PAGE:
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Title: On the Interaction of the PKS B1358-113 Radio Galaxy with the A1836 Cluster

In this study, we present the analysis of multifrequency data gathered for the Fanaroff-Riley type-II (FR II) radio galaxy PKS B1358-113, hosted in the brightest cluster galaxy in the center of A1836. The galaxy harbors one of the most massive black holes known to date, and our analysis of the acquired optical data reveals that this black hole is only weakly active, with a mass accretion rate $$\dot{M}_{\rm acc} \sim 2 \times 10^{-4} \, \dot{M}_{\rm Edd} \sim 0.02 \, M_{\odot }$$ yr –1. Based on analysis of new Chandra and XMM-Newton X-ray observations and archival radio data, and assuming the well-established model for the evolution of FR II radio galaxies, we derive the preferred range for the jet kinetic luminosity L j ~ (1-6) × 10 –3 L Edd ~ (0.5-3) × 10 45 erg s –1. This is above the values implied by various scaling relations proposed for radio sources in galaxy clusters, being instead very close to the maximum jet power allowed for the given accretion rate. We also constrain the radio source lifetime as τ j ~ 40-70 Myr, meaning the total amount of deposited jet energy E tot ~ (2-8) × 10 60 erg. We argue that approximately half of this energy goes into shock heating of the surrounding thermal gas, and the remaining 50% is deposited into the internal energy of the jet cavity. The detailed analysis of the X-ray data provides indication for the presence of a bow shock driven by the expanding radio lobes into the A1836 cluster environment. We derive the corresponding shock Mach number in the range $$\mathcal {M}_{\rm sh} \sim 2\hbox{--}4$$, which is one of the highest claimed for clusters or groups of galaxies. This, together with the recently growing evidence that powerful FR II radio galaxies may not be uncommon in the centers of clusters at higher redshifts, supports the idea that jet-induced shock heating may indeed play an important role in shaping the properties of clusters, galaxy groups, and galaxies in formation. In this context, we speculate on a possible bias against detecting stronger jet-driven shocks in poorer environments, resulting from inefficient electron heating at the shock front, combined with a relatively long electron-ion temperature equilibration timescale.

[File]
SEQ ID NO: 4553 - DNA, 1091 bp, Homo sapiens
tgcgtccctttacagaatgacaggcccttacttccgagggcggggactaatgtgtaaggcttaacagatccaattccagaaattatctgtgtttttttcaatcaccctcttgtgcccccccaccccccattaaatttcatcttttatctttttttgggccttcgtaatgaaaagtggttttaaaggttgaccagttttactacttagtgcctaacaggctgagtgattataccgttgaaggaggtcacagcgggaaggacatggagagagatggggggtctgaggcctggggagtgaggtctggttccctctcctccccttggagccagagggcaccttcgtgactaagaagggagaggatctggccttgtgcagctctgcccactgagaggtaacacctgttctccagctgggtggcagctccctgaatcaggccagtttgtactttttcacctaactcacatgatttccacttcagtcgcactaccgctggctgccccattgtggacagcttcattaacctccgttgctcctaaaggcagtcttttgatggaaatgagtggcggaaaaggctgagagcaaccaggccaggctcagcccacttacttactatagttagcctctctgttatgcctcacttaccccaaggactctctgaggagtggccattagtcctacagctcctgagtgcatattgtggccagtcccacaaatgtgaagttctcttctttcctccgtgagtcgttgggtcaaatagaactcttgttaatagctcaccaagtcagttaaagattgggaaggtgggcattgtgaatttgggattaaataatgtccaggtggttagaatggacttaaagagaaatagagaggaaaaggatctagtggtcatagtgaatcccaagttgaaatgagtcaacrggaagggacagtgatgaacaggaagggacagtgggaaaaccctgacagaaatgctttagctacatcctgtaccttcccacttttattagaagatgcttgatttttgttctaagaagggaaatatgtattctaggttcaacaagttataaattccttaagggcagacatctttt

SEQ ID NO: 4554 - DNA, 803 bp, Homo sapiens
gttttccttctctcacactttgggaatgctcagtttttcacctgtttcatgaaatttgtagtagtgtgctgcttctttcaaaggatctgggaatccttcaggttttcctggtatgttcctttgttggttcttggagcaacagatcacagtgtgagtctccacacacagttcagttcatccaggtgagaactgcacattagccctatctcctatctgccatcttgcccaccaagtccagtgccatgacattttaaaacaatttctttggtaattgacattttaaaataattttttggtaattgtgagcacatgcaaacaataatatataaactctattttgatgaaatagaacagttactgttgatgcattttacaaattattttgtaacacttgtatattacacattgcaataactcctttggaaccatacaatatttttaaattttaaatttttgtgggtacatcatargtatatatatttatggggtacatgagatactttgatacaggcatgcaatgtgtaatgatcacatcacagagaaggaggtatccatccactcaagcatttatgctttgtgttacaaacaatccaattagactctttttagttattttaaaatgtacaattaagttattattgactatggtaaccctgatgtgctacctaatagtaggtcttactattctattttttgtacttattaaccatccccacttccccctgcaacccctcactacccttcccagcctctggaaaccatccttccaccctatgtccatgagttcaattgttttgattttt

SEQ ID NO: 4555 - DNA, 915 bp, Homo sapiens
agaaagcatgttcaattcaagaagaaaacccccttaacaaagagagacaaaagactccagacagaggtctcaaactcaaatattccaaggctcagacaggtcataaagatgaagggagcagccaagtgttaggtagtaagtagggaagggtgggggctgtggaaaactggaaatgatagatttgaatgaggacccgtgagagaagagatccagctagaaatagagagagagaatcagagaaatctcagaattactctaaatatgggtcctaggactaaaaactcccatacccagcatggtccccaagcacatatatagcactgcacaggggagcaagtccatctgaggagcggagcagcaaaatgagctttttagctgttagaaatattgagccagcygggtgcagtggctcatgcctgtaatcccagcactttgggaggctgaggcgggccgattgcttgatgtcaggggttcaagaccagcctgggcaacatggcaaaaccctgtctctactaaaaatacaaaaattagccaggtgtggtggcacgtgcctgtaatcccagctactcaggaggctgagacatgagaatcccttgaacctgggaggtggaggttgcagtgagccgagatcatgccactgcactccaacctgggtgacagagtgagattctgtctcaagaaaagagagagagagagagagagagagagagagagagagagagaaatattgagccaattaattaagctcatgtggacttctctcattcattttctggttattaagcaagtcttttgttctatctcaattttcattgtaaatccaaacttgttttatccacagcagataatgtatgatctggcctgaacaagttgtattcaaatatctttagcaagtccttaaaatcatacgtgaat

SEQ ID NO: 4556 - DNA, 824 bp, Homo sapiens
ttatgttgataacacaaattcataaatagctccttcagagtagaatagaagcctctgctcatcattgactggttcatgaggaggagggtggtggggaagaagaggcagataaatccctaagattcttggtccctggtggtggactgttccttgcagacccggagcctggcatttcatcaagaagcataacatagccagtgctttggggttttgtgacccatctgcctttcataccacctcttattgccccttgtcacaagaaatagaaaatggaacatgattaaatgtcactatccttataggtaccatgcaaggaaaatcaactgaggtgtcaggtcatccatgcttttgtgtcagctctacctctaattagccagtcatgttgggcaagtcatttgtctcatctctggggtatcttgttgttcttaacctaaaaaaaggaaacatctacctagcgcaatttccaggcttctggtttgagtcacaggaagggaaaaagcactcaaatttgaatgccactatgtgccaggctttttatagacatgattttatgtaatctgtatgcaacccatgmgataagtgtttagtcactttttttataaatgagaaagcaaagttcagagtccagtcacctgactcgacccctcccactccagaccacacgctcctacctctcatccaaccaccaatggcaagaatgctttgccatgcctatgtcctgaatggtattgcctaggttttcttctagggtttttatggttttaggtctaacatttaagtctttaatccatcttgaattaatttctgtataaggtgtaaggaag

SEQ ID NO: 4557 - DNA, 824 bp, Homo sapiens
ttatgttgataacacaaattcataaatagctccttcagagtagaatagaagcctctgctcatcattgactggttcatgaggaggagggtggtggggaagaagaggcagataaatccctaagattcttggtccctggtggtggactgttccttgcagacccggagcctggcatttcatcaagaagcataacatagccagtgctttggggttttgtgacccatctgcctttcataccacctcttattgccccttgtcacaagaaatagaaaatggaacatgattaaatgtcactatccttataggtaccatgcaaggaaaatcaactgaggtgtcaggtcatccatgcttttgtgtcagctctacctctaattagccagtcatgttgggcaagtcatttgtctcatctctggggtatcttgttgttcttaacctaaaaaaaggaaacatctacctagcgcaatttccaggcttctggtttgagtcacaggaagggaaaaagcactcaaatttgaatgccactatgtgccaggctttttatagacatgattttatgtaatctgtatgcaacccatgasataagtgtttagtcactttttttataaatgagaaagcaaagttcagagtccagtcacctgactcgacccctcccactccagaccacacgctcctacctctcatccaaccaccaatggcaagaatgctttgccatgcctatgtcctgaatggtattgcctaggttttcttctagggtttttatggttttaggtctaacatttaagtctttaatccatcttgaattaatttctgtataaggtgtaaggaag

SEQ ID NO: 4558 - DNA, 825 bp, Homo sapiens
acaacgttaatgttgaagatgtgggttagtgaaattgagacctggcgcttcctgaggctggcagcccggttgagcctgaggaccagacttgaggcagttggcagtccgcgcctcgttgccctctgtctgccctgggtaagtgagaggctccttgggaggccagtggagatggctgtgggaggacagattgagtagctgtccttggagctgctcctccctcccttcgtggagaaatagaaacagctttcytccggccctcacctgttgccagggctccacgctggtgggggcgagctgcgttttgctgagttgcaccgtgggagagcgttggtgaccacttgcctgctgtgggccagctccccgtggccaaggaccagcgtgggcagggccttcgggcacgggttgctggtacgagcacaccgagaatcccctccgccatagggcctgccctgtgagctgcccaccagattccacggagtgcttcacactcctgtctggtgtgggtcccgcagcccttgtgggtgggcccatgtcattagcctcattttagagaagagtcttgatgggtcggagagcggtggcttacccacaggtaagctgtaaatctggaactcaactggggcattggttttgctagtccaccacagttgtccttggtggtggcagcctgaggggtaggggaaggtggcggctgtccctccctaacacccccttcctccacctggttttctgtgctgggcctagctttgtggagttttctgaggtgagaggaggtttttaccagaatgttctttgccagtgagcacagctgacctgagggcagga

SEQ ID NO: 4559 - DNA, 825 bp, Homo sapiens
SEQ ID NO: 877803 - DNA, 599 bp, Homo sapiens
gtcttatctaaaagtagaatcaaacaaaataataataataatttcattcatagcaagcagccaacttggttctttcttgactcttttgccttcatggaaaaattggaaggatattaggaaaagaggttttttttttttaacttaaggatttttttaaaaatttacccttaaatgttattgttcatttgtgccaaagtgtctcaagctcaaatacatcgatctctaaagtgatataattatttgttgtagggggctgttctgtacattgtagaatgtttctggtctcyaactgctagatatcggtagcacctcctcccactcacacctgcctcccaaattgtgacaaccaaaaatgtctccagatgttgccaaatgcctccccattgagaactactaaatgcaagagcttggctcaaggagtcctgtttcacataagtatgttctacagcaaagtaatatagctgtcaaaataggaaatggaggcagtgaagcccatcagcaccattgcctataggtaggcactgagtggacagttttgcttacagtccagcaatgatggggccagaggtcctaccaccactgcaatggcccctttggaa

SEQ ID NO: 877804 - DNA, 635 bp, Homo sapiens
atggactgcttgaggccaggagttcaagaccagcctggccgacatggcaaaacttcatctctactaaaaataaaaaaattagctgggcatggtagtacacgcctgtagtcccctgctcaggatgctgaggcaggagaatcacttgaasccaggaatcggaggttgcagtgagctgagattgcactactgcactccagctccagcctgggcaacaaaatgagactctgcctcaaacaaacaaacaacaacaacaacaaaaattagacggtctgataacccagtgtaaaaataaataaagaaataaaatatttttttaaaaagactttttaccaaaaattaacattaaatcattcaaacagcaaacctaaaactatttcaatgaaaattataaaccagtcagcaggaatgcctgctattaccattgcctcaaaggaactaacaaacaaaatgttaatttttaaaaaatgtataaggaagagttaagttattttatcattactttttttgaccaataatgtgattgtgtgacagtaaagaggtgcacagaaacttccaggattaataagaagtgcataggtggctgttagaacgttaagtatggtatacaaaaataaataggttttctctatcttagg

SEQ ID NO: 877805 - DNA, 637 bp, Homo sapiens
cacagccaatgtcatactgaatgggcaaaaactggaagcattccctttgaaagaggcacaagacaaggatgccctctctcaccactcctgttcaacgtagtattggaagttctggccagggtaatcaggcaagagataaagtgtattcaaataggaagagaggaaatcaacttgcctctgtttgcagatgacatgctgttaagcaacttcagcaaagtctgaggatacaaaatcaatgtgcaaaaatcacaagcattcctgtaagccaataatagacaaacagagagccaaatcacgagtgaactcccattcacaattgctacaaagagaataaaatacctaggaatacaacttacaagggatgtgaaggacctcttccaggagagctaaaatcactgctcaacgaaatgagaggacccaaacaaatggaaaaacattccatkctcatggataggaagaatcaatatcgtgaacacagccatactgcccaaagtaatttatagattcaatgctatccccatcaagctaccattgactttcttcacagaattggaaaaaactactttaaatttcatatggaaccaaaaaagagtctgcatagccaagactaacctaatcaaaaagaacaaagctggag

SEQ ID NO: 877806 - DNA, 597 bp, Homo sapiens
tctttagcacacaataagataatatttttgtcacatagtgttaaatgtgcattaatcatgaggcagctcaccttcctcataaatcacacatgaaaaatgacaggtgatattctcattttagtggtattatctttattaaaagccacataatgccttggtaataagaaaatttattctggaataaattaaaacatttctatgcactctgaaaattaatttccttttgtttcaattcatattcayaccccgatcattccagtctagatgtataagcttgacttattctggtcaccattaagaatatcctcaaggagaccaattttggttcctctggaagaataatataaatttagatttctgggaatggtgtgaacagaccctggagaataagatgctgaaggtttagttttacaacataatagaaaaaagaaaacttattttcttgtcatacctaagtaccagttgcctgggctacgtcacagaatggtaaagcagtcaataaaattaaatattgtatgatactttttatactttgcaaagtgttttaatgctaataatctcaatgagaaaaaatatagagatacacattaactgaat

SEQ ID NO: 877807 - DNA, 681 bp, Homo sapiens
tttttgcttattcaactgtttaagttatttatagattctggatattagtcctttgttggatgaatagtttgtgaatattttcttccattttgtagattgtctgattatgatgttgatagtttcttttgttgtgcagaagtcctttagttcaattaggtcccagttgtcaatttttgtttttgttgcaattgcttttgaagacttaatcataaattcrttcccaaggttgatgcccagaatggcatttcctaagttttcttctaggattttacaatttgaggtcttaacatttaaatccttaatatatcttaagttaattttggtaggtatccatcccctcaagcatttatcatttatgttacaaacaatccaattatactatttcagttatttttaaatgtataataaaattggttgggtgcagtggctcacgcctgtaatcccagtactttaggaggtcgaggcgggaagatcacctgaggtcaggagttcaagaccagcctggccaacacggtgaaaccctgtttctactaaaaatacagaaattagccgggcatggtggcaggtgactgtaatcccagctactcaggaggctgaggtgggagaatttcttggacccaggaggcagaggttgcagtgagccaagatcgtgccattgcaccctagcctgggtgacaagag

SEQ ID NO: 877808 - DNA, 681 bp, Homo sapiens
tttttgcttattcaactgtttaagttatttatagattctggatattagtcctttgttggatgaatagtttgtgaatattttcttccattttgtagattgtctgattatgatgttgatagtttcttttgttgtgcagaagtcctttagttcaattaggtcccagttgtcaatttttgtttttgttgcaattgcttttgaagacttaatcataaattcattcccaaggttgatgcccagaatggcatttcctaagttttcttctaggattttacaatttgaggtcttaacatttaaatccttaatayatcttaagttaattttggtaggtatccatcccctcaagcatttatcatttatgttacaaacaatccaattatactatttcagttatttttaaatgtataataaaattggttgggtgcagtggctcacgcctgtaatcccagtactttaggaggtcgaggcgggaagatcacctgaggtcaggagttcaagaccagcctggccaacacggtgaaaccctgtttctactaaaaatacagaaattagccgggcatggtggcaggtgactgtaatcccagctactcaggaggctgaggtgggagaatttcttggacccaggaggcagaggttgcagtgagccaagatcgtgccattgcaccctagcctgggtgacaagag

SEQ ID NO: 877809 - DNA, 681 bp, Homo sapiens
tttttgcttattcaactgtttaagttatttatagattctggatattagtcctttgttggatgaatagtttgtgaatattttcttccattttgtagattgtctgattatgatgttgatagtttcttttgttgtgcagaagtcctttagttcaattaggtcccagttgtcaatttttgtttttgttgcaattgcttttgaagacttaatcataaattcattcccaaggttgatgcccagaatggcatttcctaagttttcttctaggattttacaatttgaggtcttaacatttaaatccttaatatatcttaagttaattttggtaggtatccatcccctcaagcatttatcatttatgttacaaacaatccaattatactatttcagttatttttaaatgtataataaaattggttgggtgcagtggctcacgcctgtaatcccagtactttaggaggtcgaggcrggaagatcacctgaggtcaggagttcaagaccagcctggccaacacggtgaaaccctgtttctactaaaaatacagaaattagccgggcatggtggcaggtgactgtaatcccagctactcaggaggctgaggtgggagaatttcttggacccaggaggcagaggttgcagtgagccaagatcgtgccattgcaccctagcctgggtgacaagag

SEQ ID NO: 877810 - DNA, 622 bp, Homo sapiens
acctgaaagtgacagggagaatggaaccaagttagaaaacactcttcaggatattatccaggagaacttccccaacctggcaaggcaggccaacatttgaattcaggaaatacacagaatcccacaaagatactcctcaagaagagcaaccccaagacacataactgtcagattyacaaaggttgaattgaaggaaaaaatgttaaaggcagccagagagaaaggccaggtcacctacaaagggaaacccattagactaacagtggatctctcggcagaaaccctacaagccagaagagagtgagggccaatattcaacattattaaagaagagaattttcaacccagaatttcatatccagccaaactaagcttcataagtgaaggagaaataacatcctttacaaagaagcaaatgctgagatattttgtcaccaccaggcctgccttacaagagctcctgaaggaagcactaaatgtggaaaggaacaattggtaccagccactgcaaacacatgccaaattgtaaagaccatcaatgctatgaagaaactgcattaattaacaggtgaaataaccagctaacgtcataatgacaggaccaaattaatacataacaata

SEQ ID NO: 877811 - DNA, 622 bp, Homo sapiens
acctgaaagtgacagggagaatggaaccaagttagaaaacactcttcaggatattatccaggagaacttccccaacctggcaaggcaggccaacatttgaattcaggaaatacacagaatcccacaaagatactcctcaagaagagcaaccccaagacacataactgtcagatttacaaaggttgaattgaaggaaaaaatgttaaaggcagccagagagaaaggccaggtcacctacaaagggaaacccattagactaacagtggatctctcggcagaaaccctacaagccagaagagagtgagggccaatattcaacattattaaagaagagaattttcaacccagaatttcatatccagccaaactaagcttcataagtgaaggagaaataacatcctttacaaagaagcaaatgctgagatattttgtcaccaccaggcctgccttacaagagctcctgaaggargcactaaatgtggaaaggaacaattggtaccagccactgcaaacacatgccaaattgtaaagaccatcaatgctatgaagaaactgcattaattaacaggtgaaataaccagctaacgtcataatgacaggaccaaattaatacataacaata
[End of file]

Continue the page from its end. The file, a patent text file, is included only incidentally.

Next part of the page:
ORCiD logo [1] ;  [2] ;  [3] ;  [4] ;  [5] ;  [6] ;  [7] ;  [6] ;  [8] ;  [4] ;  [5] ;  [7]
  1. Institute of Space and Astronautical Science, Kanagawa (Japan); Jagiellonian Univ., Krakow (Poland)
  2. Jagiellonian Univ., Krakow (Poland); Stanford Univ., Stanford, CA (United States)
  3. Naval Research Lab., Washington, D.C. (United States)
  4. Harvard Smithsonian Center for Astrophysics, Cambridge, MA (United States)
  5. Jagiellonian Univ., Krakow (Poland)
  6. Stanford Univ., Stanford, CA (United States)
  7. Institute of Space and Astronautical Science, Kanagawa (Japan)
  8. Univ. of Colorado and National Institute of Standards and Technology, Boulder, CO (United States)
Publication Date:
OSTI Identifier:
Report Number(s):
Journal ID: ISSN 1538-4357; arXiv:1404.5703
Grant/Contract Number:
Accepted Manuscript
Journal Name:
The Astrophysical Journal (Online)
Additional Journal Information:
Journal Name: The Astrophysical Journal (Online); Journal Volume: 794; Journal Issue: 2; Journal ID: ISSN 1538-4357
Institute of Physics (IOP)
Research Org:
SLAC National Accelerator Lab., Menlo Park, CA (United States)
Sponsoring Org:
USDOE Office of Science (SC); National Aeronautics and Space Administration (NASA)
Country of Publication:
United States
79 ASTRONOMY AND ASTROPHYSICS; Astrophysics; ASTRO; GRQC; galaxies: active; galaxies: individual (PKS B1358–114); galaxies: jets; intergalactic medium; X-rays: galaxies: clusters